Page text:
I personally believe the reason why trademark owners do not register all the ccTLD domains is that it is simply too difficult and expensive for them. Already today it is not easy at all to keep track of what TLDs do exist, what are the rules to register a domain, what names are taken and by whom. If you wish to keep this issue well under control your only chance is to hire a specialised "brand detectives" and domain specialists to protect you rights. Obviously this is not cheap so you may get an idea where the "billions of dollars" may go to. Few global brands do so but still do not register their brand names everyvhwere untill it is necessary. The reasons for this expensive way of protecting brand names is the extreme complexity of the domain "world" and the lack of very specialised knowledge of this field. And the rise of new gTLDs (from 22 to thousands?) will definitely not improve that state.

I see that the suporters of new gTLDs often use the .brand as their argument because the TLD owner will control the rules and perhaps will not allow others to held a name in this TLD. Lets get over the fact this is a very expensive way to protects your rigts, but the other (open) generic TLDs will surely provide a lot of room for so called "domain investors" and cybsrsquatters. If arounf 50% of .com is taken by them today, they will be a very important target group of all the future new gTLD registries. Apart from .brand TLDs (and non-commercial), all the other TLDs will be open with the ultimate goal to make money. That is the reason why subersquatting will occur also there and why the brand owners will have to spent more money, time and energy on their protection.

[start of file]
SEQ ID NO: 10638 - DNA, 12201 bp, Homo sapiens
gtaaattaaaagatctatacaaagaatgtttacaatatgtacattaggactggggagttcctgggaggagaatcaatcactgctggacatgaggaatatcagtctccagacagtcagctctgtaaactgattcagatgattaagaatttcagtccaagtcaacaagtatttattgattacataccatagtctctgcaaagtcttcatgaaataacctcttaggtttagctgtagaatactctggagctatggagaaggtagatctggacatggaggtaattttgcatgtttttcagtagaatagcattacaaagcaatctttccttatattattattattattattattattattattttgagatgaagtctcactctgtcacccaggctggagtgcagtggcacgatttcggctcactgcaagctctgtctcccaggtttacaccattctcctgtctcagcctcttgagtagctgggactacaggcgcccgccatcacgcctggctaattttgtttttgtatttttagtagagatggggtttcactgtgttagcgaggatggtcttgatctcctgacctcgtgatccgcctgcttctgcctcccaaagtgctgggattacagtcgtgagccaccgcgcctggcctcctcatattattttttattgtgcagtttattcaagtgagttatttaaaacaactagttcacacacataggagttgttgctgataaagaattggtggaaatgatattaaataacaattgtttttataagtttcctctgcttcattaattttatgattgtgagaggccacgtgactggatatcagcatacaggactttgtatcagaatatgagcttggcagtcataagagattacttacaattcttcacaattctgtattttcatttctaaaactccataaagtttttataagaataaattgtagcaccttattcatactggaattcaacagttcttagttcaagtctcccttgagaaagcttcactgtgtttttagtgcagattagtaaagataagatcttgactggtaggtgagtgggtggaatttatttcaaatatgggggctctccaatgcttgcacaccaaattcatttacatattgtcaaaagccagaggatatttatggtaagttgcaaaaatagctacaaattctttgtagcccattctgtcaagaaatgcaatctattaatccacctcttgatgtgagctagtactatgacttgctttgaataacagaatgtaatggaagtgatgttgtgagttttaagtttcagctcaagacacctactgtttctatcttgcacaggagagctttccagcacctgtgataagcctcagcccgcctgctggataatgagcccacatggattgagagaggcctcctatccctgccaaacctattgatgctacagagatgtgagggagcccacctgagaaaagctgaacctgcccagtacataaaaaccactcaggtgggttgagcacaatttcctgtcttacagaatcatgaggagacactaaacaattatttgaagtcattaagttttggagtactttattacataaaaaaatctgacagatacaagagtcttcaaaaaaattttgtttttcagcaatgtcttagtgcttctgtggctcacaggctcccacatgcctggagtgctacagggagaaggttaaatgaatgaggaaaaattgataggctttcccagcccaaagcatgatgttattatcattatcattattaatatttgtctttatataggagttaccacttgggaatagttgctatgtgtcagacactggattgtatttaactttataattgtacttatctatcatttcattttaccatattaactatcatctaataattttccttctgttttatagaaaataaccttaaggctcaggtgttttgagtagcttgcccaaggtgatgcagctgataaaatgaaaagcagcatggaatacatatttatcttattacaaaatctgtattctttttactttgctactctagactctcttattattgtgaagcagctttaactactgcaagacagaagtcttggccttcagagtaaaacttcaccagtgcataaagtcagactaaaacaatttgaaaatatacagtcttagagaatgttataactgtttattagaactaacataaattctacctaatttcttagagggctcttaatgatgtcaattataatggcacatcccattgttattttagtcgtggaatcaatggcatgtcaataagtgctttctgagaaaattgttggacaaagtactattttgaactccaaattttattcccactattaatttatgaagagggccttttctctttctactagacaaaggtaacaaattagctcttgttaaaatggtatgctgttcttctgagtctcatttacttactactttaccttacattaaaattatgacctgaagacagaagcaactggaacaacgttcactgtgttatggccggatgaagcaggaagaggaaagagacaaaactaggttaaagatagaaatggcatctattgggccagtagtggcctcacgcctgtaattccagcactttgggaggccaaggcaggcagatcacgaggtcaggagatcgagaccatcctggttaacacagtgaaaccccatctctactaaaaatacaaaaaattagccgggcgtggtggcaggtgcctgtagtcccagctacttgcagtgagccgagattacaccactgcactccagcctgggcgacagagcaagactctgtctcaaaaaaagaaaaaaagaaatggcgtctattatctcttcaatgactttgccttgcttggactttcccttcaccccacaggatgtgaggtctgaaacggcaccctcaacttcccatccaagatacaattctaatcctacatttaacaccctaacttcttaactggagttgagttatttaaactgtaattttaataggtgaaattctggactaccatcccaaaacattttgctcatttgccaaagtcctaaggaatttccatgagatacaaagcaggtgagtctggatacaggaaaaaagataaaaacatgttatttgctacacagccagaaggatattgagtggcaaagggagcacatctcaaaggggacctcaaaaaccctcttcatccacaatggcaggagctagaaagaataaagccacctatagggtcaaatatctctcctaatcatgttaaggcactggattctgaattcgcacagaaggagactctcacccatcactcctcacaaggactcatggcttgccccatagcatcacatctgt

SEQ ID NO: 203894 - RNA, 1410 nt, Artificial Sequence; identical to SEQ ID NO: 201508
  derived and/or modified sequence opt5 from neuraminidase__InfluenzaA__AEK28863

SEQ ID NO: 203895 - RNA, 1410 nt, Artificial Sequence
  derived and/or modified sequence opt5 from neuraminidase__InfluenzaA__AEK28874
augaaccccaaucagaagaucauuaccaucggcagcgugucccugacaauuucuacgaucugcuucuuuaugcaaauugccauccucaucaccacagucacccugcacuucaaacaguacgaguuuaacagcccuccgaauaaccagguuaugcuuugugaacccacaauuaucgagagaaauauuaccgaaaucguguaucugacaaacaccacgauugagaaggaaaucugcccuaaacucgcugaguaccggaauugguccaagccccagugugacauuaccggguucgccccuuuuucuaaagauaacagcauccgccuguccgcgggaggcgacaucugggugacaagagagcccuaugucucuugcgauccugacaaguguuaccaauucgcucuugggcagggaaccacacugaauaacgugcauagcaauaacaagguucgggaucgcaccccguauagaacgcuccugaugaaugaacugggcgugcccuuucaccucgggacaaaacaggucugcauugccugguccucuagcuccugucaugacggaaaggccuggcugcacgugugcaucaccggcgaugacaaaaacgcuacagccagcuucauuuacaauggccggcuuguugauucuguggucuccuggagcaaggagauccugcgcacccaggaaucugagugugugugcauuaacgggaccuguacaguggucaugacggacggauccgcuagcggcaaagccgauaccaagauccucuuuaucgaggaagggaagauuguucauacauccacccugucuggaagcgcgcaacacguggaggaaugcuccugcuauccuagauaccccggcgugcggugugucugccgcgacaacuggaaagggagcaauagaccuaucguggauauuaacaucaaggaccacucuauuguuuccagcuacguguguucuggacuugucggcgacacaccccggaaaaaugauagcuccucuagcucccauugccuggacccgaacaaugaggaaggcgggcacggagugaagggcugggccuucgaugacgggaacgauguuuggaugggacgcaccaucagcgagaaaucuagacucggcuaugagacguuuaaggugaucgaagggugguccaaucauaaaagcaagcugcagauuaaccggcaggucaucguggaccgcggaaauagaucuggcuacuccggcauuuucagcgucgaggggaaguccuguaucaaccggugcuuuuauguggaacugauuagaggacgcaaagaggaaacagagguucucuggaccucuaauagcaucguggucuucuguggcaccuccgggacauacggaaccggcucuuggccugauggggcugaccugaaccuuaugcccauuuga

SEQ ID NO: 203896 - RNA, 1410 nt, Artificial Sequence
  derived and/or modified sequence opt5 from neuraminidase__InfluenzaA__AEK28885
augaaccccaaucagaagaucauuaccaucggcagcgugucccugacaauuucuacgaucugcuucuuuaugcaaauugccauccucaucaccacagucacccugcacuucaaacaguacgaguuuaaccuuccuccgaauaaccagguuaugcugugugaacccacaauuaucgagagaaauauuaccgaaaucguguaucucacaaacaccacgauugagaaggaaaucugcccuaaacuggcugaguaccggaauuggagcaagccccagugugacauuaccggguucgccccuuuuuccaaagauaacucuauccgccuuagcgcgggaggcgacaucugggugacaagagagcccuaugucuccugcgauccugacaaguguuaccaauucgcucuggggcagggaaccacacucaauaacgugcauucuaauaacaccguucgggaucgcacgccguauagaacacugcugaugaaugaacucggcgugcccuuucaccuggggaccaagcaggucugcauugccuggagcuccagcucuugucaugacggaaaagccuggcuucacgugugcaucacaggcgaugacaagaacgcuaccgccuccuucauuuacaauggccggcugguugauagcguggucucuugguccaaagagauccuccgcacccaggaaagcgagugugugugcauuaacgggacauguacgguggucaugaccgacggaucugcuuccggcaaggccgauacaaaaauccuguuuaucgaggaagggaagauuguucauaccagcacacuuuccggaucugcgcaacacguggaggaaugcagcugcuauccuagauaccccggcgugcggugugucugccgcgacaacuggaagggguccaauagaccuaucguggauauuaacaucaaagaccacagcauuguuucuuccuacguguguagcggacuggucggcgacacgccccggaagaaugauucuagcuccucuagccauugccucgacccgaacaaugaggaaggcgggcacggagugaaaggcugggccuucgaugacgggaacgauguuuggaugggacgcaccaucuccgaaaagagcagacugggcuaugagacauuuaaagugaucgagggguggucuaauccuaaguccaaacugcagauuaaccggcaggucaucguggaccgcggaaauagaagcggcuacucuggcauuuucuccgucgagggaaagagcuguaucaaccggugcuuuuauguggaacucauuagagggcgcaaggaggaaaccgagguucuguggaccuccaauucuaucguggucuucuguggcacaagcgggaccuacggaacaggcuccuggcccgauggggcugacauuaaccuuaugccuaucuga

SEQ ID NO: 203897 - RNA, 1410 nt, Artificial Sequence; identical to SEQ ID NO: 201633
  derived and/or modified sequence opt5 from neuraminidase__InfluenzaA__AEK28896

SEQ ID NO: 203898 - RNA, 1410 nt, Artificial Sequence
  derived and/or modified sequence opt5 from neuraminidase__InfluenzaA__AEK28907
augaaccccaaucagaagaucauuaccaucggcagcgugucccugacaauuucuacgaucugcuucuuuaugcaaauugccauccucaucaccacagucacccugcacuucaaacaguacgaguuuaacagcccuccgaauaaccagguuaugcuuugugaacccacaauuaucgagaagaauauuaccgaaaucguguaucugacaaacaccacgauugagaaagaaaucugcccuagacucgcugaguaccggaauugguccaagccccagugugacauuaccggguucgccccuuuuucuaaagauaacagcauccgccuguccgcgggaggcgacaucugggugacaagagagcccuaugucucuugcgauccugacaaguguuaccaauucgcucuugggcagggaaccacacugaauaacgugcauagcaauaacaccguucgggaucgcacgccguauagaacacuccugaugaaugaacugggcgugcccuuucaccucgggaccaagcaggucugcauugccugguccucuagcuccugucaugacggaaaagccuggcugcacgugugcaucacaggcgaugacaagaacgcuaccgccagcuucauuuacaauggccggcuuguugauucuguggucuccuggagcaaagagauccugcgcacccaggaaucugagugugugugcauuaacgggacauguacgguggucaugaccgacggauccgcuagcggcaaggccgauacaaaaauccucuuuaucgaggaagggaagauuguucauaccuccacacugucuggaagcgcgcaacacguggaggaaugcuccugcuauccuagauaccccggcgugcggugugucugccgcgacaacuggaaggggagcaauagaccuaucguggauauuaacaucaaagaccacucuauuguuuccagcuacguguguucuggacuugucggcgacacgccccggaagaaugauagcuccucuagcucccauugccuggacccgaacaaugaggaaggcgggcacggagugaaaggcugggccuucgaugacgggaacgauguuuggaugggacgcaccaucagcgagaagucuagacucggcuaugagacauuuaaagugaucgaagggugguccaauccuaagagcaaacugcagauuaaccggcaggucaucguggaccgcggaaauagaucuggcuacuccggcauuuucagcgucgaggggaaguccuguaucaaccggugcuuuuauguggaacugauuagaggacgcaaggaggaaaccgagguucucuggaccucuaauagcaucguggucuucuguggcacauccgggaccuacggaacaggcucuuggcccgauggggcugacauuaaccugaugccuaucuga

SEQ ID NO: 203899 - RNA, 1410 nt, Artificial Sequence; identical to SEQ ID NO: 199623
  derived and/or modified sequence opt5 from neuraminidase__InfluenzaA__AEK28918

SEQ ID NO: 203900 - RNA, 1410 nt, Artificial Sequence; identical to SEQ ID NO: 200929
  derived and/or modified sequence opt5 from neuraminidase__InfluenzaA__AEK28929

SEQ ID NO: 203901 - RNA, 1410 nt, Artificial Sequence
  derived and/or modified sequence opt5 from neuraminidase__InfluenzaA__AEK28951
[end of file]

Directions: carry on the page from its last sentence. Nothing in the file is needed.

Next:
Math

The number ANA seems to most frequently use is $2 million per gTLD over 10 years, or $200,000 per year.

That seems like a pretty reasonable estimate. At least, it's not massively excessive given data from the small number of registry services providers that have publicized their prices to date.